None of those are new or revolutionary. AMD and NVidia do decent graphics cards already, you can buy them today. TSMC sells billions of chips using advanced packaging technologies today. Sunny Cove is just an iteration of SkyLake (which was itself a minor iteration etc). Evolution, not revolution.

    If we get 5GHz desktop chips in 10nm then you could say it is alive.

    Well I'm an optimist too and I am pretty sure that AMD will do extremely well in the next few years. Similarly we'll see lots of Arm servers on 7nm and 5nm soon.
    Reply
  • Korguz - Wednesday, May 8, 2019 - link

    HStewart its architecture NOT architexture replace the X with a C ... sunny cove. is NOT a new architecture.. is just an update the the existing architecture intel has been using for what 10, 15 years now ???? intel can spend all the billions they want.. it still may not fix the issues they are now having. " Stop making future based on past. I am an optimist and believe that something great is around the corner " of course you do.. cause thats all you can see when it comes to intel... but intel has also been promising this for the last few years... Reply
  • Adramtech - Wednesday, May 8, 2019 - link

    Micron is currently the only manufacturer of 3DXpoint until Intel starts their own production.

    Here are more details of what was stolen...."Chipzilla has said its electronic security system prevented Rivers from copying its "top secret" file. But the chip biz claims Rivers did manage to copy "a highly sensitive compilation of Intel personnel information," which is to say a spreadsheet with the contact details of more than 3,000 Intel employees." https://www.theregister.co.uk/2019/03/25/intel_cou...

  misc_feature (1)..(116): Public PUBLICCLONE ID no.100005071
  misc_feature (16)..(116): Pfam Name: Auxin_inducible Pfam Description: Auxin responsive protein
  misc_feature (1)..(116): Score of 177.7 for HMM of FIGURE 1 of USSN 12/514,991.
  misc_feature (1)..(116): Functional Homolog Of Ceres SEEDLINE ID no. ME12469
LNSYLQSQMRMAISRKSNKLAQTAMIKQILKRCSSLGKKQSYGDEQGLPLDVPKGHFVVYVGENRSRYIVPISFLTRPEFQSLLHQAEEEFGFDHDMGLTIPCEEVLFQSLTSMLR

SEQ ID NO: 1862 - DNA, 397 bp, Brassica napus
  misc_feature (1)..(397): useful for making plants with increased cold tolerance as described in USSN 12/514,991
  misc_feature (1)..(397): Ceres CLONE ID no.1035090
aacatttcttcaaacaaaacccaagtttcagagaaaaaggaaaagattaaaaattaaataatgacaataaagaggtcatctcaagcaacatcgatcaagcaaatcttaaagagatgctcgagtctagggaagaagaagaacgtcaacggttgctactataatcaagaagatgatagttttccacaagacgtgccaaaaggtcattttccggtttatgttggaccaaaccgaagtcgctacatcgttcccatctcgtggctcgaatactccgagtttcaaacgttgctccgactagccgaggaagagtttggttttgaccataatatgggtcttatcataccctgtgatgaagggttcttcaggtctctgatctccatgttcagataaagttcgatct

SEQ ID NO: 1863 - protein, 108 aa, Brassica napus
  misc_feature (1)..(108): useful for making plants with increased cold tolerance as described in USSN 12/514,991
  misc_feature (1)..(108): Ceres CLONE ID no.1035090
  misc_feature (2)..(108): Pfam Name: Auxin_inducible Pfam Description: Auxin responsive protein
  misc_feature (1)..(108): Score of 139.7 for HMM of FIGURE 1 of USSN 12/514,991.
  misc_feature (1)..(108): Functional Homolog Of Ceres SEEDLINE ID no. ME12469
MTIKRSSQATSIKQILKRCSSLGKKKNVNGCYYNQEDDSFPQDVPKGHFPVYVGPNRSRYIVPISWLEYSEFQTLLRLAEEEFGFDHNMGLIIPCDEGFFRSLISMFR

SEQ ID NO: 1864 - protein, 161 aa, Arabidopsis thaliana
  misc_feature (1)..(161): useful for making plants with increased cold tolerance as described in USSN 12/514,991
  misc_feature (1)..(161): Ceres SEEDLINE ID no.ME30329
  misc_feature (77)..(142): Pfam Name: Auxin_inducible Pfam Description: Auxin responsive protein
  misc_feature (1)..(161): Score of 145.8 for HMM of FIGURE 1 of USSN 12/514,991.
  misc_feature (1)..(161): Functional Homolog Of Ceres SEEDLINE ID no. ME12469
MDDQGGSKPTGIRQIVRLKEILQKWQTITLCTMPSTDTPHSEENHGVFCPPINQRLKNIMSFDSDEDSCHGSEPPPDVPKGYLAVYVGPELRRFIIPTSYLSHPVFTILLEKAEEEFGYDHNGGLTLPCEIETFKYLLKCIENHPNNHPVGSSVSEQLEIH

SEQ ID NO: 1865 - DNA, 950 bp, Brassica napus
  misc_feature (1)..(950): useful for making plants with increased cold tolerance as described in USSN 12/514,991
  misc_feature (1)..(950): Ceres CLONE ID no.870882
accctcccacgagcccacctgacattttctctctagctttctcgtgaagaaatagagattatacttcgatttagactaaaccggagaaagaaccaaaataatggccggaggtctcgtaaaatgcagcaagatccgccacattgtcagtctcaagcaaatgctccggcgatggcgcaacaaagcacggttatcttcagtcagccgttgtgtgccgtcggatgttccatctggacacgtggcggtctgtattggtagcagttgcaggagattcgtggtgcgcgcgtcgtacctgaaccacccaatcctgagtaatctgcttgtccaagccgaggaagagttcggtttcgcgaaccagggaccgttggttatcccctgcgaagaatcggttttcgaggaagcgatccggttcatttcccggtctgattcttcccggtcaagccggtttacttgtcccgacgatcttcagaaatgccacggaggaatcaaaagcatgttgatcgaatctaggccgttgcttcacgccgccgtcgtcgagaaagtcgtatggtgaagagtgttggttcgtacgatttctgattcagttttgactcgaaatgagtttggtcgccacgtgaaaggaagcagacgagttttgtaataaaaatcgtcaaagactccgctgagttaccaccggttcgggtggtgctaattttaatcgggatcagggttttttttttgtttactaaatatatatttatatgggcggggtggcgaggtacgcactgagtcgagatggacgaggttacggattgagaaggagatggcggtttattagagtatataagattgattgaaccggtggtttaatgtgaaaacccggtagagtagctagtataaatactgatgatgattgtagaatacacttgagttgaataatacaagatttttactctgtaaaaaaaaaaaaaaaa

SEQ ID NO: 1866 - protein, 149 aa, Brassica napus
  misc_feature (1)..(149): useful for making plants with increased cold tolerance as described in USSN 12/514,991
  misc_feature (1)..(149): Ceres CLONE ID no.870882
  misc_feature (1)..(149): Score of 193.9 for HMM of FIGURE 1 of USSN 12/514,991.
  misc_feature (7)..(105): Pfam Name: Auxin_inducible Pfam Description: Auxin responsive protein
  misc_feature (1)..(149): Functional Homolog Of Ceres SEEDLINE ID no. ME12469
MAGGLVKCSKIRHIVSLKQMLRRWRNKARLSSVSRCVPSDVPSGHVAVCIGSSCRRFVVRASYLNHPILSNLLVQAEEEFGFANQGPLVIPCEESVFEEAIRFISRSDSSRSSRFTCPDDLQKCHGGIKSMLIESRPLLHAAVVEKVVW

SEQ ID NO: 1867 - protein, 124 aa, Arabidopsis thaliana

Reply
  • ilt24 - Wednesday, May 8, 2019 - link

    @HStewart ... "so Micron fab must be out of date"

    For someone who make so many pro Intel comments, you don't seem to have a clue what you are talking about. lntel's agreement with Micron included an option for Micron to buy Intel out of the Lehi Fab, Micron chose to exercise that option, Intel has no option but to be bought out. As far as being out of date, it is the only fab that can currently make 3Dxpoint, and is where gen2 of the memory was developed and it will go into production later this year. Intel is going to continue to get it's supply from that factory for the next couple of years, both gen1 and gen2 while they refit a mostly idle factory in New Mexico to produce 3DXpoint as well as develop future generations of the memory.
    Reply
  • PeachNCream - Wednesday, May 8, 2019 - link

    Competition from AMD, a lack of progress on sub-14nm production, and weak demand in the desktop market are probably all putting the squeeze on Intel. Failing to penetrate into the phone space by botching their mobile SoC a bit back can't have helped the situation. That's too significant to overlook given how little reason there is to even own an x86 PC these days. They should probably just start contracting TSMC or even Samsung to produce their chips at this point since Intel's own foundries are using Soviet-era manufacturing methods when compared to their competitors. Reply
  • HStewart - Wednesday, May 8, 2019 - link

    Micron lab is old technology Reply
  • Wilco1 - Wednesday, May 8, 2019 - link

    Sure that must be why Intel keeps buying 3Dxpoint from Micron for the next few years, and didn't release 10nm. They just love old out of date fabrication technologies! Reply
  • PeachNCream - Thursday, May 9, 2019 - link

    Sorry, I'm having trouble hearing you over the rattle of the Intel employee badge hanging around your neck. Reply